To prepare for the role, Berry did not just watch fights (she’s a lifelong boxing fan), but also asked female M.M.A. fighters why they chose this sport. “Now this isn’t true across the board, but my research taught me that men and women often fight for very different reasons,” Berry said. “Many times men fight as a career to take care of their family, be the breadwinner, to rise up out of poverty. And women often fight to get their voice back.”
She added, “Because a lot of them have been abused in some way in their early years, fighting became their only way to regain their sense of self, and power, and safety in the world.”
When I asked Berry if her decision to direct was part of her own journey to control how she appeared onscreen rather than be subject to the whims of an industry that until recently had often relegated middle-aged women, much less Black women, to supporting roles, she paused. I asked if she needed a moment to reflect on the twists and turns of a career that included her being the first Black woman to win an Oscar for best actress (the 2001 “Monster’s Ball”) and a Razzie for worst actress (“Catwoman” in 2004).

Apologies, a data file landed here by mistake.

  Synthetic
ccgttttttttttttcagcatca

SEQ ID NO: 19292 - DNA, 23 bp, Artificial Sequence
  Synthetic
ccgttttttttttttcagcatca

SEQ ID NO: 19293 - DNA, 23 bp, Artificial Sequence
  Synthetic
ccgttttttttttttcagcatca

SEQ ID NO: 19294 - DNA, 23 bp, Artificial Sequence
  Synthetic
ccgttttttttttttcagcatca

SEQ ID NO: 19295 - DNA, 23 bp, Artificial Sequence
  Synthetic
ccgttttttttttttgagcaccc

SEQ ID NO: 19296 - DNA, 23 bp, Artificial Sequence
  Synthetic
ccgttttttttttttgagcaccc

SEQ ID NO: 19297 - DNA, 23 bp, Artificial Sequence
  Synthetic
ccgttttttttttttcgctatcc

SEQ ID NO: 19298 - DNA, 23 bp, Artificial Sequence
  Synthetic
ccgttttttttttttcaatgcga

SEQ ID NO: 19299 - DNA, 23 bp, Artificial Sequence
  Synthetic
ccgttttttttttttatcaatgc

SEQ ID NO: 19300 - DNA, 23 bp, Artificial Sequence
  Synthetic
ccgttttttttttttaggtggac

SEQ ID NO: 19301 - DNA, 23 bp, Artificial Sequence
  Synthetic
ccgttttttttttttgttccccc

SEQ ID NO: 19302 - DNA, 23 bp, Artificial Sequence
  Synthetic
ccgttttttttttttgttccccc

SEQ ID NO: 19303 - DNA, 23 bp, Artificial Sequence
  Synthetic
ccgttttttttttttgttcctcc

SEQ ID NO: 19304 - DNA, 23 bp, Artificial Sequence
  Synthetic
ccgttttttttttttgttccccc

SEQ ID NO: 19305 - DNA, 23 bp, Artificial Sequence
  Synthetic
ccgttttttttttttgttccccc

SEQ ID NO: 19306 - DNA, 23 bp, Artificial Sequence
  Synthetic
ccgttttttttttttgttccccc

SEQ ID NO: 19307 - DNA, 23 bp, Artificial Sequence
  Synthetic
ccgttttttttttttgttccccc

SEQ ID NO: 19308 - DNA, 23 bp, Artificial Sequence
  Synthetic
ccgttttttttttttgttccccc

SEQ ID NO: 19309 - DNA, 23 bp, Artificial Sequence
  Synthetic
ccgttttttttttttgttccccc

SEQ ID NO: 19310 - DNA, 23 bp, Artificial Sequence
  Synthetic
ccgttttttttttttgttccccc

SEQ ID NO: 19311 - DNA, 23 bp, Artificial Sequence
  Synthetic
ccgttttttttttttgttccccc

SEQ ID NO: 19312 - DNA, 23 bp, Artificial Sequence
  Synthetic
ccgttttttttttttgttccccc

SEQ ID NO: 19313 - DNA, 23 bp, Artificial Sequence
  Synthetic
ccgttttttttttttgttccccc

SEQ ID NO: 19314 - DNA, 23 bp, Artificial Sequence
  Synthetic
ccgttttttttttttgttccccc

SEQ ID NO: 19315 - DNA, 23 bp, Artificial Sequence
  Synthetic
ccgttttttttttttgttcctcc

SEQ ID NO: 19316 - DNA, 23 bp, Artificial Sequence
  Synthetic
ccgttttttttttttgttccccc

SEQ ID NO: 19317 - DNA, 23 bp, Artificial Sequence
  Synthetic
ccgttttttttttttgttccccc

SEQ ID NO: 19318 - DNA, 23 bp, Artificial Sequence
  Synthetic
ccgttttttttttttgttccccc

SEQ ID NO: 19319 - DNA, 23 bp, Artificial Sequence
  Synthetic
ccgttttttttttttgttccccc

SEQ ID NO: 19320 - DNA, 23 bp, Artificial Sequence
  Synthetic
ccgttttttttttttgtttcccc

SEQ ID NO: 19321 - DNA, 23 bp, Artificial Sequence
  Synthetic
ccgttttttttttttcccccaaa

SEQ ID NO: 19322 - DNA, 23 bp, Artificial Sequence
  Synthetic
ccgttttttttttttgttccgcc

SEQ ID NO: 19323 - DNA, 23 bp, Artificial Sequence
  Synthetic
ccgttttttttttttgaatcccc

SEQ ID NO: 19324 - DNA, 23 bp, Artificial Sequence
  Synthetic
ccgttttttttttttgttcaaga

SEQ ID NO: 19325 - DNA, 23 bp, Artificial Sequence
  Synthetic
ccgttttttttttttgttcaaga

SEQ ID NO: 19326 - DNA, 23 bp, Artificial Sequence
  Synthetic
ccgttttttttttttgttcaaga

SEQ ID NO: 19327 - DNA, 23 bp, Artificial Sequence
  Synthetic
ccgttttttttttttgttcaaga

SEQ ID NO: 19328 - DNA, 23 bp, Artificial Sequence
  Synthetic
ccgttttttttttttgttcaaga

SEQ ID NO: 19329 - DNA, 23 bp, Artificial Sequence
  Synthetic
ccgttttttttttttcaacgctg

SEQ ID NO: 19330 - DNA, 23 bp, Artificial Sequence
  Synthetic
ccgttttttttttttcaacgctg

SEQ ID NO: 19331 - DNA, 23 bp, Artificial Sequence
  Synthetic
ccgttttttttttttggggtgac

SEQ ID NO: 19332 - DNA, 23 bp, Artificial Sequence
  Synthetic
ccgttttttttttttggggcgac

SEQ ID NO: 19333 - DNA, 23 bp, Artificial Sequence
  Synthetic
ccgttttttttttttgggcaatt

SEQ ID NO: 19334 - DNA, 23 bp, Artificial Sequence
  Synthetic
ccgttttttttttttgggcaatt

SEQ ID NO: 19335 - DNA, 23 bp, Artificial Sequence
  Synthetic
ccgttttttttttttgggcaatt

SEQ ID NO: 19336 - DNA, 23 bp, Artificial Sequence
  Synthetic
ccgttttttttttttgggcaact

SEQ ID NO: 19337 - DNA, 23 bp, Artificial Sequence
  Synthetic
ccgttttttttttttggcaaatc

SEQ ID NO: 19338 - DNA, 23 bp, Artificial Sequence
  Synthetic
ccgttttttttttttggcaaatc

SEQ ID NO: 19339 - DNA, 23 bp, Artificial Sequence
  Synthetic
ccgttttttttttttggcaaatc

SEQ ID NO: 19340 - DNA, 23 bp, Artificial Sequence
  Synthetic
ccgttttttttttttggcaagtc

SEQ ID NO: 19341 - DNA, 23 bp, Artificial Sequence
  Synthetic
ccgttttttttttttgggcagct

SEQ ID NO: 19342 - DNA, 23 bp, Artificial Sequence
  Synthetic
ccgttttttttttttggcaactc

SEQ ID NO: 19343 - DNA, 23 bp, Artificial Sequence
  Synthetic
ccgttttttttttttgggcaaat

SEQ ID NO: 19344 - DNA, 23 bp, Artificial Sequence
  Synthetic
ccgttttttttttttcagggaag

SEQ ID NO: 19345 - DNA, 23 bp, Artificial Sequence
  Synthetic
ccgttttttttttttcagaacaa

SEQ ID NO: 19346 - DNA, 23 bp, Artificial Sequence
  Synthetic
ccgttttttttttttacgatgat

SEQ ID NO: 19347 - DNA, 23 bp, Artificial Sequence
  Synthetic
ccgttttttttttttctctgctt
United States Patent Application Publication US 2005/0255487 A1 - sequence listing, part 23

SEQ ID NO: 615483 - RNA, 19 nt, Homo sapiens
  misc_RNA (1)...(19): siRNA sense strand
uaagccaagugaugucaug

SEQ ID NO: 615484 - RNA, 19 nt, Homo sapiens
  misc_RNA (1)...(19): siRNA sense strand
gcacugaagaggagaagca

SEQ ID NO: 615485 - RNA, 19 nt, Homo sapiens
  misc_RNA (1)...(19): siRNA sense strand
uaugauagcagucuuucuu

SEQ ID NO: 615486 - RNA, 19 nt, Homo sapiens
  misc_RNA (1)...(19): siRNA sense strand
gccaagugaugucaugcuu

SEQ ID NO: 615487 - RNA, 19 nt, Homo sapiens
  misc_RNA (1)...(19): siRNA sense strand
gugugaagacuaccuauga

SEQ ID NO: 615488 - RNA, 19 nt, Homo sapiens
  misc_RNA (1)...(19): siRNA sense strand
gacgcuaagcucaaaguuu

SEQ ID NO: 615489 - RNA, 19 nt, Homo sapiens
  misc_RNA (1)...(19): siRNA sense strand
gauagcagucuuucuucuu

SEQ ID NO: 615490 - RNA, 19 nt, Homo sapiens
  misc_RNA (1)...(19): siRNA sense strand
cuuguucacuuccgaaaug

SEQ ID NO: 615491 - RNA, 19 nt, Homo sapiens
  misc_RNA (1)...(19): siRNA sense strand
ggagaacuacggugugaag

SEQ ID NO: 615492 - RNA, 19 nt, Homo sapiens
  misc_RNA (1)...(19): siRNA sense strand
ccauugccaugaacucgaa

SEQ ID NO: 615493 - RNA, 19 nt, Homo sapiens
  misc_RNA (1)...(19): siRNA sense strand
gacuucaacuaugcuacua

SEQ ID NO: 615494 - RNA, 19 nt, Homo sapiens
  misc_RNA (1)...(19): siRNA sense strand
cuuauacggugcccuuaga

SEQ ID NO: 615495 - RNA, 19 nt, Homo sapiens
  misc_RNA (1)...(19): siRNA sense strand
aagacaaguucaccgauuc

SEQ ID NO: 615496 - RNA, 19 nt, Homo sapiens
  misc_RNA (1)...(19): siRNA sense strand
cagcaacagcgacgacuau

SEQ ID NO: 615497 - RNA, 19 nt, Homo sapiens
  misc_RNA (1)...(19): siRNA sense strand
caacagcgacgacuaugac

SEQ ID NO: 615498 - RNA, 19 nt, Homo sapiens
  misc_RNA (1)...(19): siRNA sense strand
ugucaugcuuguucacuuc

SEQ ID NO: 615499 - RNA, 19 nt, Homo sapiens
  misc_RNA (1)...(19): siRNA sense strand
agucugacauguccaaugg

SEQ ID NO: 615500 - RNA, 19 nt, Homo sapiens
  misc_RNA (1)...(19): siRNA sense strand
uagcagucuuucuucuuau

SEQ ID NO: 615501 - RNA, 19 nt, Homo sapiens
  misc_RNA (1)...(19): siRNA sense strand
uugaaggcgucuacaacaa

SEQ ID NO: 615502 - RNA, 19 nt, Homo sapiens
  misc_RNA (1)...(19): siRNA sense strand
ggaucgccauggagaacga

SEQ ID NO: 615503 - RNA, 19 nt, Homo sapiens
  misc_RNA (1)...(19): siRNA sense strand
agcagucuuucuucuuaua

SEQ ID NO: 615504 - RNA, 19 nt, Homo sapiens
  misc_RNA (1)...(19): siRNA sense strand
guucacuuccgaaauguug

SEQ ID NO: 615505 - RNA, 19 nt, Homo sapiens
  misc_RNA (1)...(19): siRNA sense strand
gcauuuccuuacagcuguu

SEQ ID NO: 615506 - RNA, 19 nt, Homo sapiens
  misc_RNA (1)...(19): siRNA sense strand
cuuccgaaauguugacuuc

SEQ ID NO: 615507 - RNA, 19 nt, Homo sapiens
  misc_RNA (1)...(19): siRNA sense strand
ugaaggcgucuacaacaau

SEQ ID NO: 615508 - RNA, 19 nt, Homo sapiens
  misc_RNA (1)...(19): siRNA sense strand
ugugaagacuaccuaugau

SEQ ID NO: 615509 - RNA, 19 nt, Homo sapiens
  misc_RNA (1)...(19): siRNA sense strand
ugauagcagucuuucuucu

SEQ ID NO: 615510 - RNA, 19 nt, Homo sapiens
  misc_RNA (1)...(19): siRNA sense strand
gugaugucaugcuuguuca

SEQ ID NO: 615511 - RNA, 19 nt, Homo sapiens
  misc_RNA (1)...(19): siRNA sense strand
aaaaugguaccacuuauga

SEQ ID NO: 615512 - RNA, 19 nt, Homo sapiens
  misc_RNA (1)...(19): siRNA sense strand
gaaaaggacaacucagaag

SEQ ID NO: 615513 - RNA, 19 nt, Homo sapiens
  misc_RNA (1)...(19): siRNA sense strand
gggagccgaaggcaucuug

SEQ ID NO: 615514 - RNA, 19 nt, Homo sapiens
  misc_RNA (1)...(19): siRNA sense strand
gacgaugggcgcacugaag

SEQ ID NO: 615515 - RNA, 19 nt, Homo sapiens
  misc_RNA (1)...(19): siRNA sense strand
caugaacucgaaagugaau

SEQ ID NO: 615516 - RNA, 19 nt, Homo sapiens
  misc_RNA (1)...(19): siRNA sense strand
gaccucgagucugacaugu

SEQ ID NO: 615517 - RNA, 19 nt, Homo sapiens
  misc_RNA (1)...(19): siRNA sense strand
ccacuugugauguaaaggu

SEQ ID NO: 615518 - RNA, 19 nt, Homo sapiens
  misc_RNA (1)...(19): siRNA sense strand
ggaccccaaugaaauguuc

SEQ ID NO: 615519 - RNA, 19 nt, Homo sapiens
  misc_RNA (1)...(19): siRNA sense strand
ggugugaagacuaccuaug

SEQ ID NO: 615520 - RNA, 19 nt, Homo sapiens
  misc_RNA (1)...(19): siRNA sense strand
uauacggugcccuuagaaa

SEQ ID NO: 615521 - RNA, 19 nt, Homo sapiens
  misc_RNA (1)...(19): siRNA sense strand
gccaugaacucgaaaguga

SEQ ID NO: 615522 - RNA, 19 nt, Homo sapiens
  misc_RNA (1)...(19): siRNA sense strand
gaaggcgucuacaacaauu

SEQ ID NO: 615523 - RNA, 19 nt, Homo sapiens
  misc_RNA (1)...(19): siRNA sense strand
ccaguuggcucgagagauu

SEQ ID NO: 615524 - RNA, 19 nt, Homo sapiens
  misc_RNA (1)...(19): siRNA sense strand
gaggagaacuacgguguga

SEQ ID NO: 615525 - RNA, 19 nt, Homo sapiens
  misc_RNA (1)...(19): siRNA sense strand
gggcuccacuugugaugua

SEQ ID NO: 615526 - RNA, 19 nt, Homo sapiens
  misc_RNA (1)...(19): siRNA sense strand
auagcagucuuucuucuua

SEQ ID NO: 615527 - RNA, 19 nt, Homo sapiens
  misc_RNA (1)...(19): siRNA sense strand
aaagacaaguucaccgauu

“We’ve all been spoon-fed versions of who we are, but not by ourselves,” Berry said. “That’s the sense of power I’m talking about. I feel powerful just because I get to do it and put my voice in the world in some way, and my sensibilities as a Black woman out there.”
Two scenes, in particular, stood out in which Berry was not simply referencing her past movies, but also clearly revising the traditional male gaze. Early on, an argument between Jackie and her partner and manager, Desi (Adan Canto), leads to sex, and their intensity and roughness reminded me of the moment in “Monster’s Ball” when her character, Leticia Musgrove, and Hank Grotowski (Billy Bob Thornton) engage in a similarly desperate and violent form of connection. In “Bruised,” however, that scene is not nearly as climactic, but rather cut short and interrupted by the larger story line in which Jackie’s son returns.
Later, we realize the encounter between Jackie and Desi was also there to be contrasted with the more loving exchange between Jackie, and her new trainer, Bobbi “Buddhakan” Berroa (Sheila Atim). Not only does Berry direct the camera to pull close, and linger on the women’s caressing of each other’s bodies, but the passion is cathartic and truly healing to both.